Spence has knee surgery
Canadian slalom racer Brad Spence is determined to complete some unfinished business after going under the knife to fix a nagging knee complaint that had started to slow him down.
The 27-year-old from Calgary battled through chronic knee pain to put together an incredibly consistent 2011-12 season which included nine top-30 World Cup results. But the knee complaint got progressively worse towards the end of the year and Spence knew it was time to take action. Although he will now spend several months on the sidelines, Spence is hoping to bounce back stronger than ever and chase down some ambitious career goals that include a trip to the Sochi 2014 Olympic Games.
“This year it became pretty apparent that it was something I had to do. The pain was so bad, the knee was giving me so much grief, that I couldn’t do my job,” Spence said. “The (problem) had been there for a year and a bit. I kind of knew it was going to have to happen.”
Spence travelled to London, Ont., last week to be seen by renowned orthopedic surgeon Dr. Bob Litchfield. Dr. Litchfield performed microfracture surgery – which is used to repair damaged cartilage – and Spence was due to head back to Alberta on Monday after spending the weekend recovering in Ontario. The Calgarian is expecting to be on crutches for around six weeks but the timeline for his return to snow is less certain.
“It was a good surgery. Once Dr. Litchfield got in there he was quite pleased,” Spence said. “He found two spots that were probably causing the pain and was able to fix those.
“Everyone keeps saying there’s not really a protocol (for time out). It depends on the individual. It could be anywhere from four to 12 months to be back going full bore. I’m not going to push it faster than anybody recommends.”
Spence is no stranger to battling back from injury, having shown great courage and perseverance to fight back after suffering a career-threatening injury in a serious crash in Bormio, Italy, just prior to the 2006 Olympics. He suffered a broken tibia, fibula, torn ACL (anterior cruciate ligament) and meniscus damage in his right knee. After a long and difficult road to recovery Spence realized his dream of competing at the 2010 Olympics in Vancouver-Whistler, B.C., but after failing to finish the slalom and finishing 42nd in giant slalom, Spence is hungry for another shot at the Winter Games.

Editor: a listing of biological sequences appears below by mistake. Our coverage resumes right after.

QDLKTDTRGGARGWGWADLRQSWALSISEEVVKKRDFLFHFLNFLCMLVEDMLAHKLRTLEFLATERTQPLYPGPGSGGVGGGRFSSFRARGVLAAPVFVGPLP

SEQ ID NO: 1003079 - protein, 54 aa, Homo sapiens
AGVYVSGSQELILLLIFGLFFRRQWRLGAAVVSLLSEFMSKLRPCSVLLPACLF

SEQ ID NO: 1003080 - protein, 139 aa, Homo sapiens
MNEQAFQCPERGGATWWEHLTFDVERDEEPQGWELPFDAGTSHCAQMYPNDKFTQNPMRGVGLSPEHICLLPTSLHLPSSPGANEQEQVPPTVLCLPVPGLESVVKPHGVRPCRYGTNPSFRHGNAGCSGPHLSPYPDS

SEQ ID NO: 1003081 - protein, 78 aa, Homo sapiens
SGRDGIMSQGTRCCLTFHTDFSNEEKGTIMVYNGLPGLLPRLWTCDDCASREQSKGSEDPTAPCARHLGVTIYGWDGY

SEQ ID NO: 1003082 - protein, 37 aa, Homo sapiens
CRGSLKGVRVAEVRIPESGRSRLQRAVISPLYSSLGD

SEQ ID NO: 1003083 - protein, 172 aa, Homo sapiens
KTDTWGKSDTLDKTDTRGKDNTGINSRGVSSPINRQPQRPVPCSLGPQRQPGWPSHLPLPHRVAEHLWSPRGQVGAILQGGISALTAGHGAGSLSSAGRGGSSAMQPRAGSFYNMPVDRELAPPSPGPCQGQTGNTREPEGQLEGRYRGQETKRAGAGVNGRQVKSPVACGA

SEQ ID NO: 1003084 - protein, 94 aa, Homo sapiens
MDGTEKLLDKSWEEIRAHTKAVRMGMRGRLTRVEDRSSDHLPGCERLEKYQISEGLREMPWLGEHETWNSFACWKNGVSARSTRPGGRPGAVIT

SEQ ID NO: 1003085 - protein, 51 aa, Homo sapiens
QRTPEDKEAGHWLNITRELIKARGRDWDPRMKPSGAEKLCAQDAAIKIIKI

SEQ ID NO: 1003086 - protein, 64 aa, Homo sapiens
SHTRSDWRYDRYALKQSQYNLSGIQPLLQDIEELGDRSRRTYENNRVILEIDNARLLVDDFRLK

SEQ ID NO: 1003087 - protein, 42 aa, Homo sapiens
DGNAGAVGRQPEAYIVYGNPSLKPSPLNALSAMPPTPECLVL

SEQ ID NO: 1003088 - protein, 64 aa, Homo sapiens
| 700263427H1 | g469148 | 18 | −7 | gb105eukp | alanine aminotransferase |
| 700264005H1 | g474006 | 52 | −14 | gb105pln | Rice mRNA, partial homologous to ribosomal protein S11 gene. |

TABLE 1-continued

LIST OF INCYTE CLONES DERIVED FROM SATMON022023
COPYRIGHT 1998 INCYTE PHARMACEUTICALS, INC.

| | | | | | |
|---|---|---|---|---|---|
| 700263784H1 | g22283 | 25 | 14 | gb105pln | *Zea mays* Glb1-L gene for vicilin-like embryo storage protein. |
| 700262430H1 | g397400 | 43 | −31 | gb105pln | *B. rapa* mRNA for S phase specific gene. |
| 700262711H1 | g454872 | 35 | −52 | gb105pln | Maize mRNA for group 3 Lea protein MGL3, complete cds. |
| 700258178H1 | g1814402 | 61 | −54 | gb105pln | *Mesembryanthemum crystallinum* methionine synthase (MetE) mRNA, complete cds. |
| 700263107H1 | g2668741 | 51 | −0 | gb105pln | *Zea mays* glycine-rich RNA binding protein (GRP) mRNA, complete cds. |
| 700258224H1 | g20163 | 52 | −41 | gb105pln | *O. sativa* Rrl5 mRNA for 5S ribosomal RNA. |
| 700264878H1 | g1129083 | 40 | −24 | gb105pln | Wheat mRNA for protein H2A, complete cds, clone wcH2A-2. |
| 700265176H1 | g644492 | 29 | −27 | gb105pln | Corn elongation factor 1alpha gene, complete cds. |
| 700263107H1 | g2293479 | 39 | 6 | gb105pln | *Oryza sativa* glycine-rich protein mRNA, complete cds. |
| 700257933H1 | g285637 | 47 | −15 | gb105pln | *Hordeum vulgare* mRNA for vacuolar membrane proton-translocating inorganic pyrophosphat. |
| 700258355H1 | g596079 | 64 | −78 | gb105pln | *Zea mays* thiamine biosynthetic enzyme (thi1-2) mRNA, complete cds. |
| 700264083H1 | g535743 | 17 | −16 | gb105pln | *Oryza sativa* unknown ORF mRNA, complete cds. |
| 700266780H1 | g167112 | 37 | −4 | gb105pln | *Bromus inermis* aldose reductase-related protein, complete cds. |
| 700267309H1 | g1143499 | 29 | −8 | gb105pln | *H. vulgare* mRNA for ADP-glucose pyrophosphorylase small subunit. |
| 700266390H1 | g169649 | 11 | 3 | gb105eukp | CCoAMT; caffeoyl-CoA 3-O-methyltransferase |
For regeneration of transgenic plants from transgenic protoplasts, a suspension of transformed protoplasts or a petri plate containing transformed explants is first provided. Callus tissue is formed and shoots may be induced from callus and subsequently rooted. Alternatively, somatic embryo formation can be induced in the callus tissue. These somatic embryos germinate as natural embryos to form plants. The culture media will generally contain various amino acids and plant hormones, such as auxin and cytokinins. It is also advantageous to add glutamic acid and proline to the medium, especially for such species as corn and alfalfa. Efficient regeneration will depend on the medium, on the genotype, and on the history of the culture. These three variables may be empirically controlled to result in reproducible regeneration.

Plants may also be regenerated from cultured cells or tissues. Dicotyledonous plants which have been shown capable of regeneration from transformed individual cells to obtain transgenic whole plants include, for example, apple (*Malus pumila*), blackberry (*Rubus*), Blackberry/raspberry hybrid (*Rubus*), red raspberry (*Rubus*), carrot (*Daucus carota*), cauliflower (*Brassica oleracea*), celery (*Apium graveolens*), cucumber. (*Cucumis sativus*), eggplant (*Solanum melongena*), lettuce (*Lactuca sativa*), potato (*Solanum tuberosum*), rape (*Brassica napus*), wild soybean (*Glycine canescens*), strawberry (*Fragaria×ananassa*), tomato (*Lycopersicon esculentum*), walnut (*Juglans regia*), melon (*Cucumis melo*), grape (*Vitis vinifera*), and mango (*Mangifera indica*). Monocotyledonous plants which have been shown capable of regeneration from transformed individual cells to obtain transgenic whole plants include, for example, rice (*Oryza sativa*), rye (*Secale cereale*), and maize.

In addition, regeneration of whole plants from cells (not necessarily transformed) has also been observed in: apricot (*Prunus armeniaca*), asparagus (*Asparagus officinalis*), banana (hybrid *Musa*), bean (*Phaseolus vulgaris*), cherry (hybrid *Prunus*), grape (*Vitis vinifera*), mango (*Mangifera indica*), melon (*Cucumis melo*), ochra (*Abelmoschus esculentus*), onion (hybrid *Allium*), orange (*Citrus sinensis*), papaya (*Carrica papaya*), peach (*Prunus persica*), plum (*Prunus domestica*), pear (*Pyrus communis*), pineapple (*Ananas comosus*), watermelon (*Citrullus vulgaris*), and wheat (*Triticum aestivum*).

“I’m definitely not putting any timeframes on my career. I want to do it as long as I’m successful and it’s fun,” Spence said. “This, for sure, is going to buy me a couple of years through to Sochi.
“I think if you ask any Canadian (the Olympics) is definitely what’s important. Since I was a kid I dreamed of standing at the top of the podium at the Olympics.
“I remember being in my grandparents’ living room (during the 1988 Calgary Olympics). Both my parents were volunteering. I remember watching the snowbirds flying overhead. Since I was four I had that Olympic dream and obviously to come back after such a big accident in 2010 was huge. Not performing as (I wanted to) in Vancouver left me with a bitter taste in my mouth.”
Kip Harrington, the Canadian men’s alpine team’s technical head coach, said Spence has shown great courage to battle through pain and perform both in training and races.
“This injury has been, in Brad’s words, his ‘limiting factor,’ ” Harrington said. “It limits his training and places a daily challenge for him, not to mention the pain he works through. He does a fantastic job in spite of this.
“We just want to see him happy and healthy and able to focus on fast skiing and training without limitations. I think we have to be patient, and help him toward a healthy return to training and competition.”
Spence’s ski-racing career has been on an upward trajectory in recent years but he’s equally well known for his work off the hill. Spence is heavily involved with several charities, including the Branch Out Neurological Foundation and KidSport. Spence also made headlines throughout the world earlier this year when he granted an eight-year-old fan’s request to become his headgear sponsor for a race. He arranged for young Gage Ferguson, of Calgary, and his family to be flown to Switzerland to watch him race at the famous Wengen World Cup stop.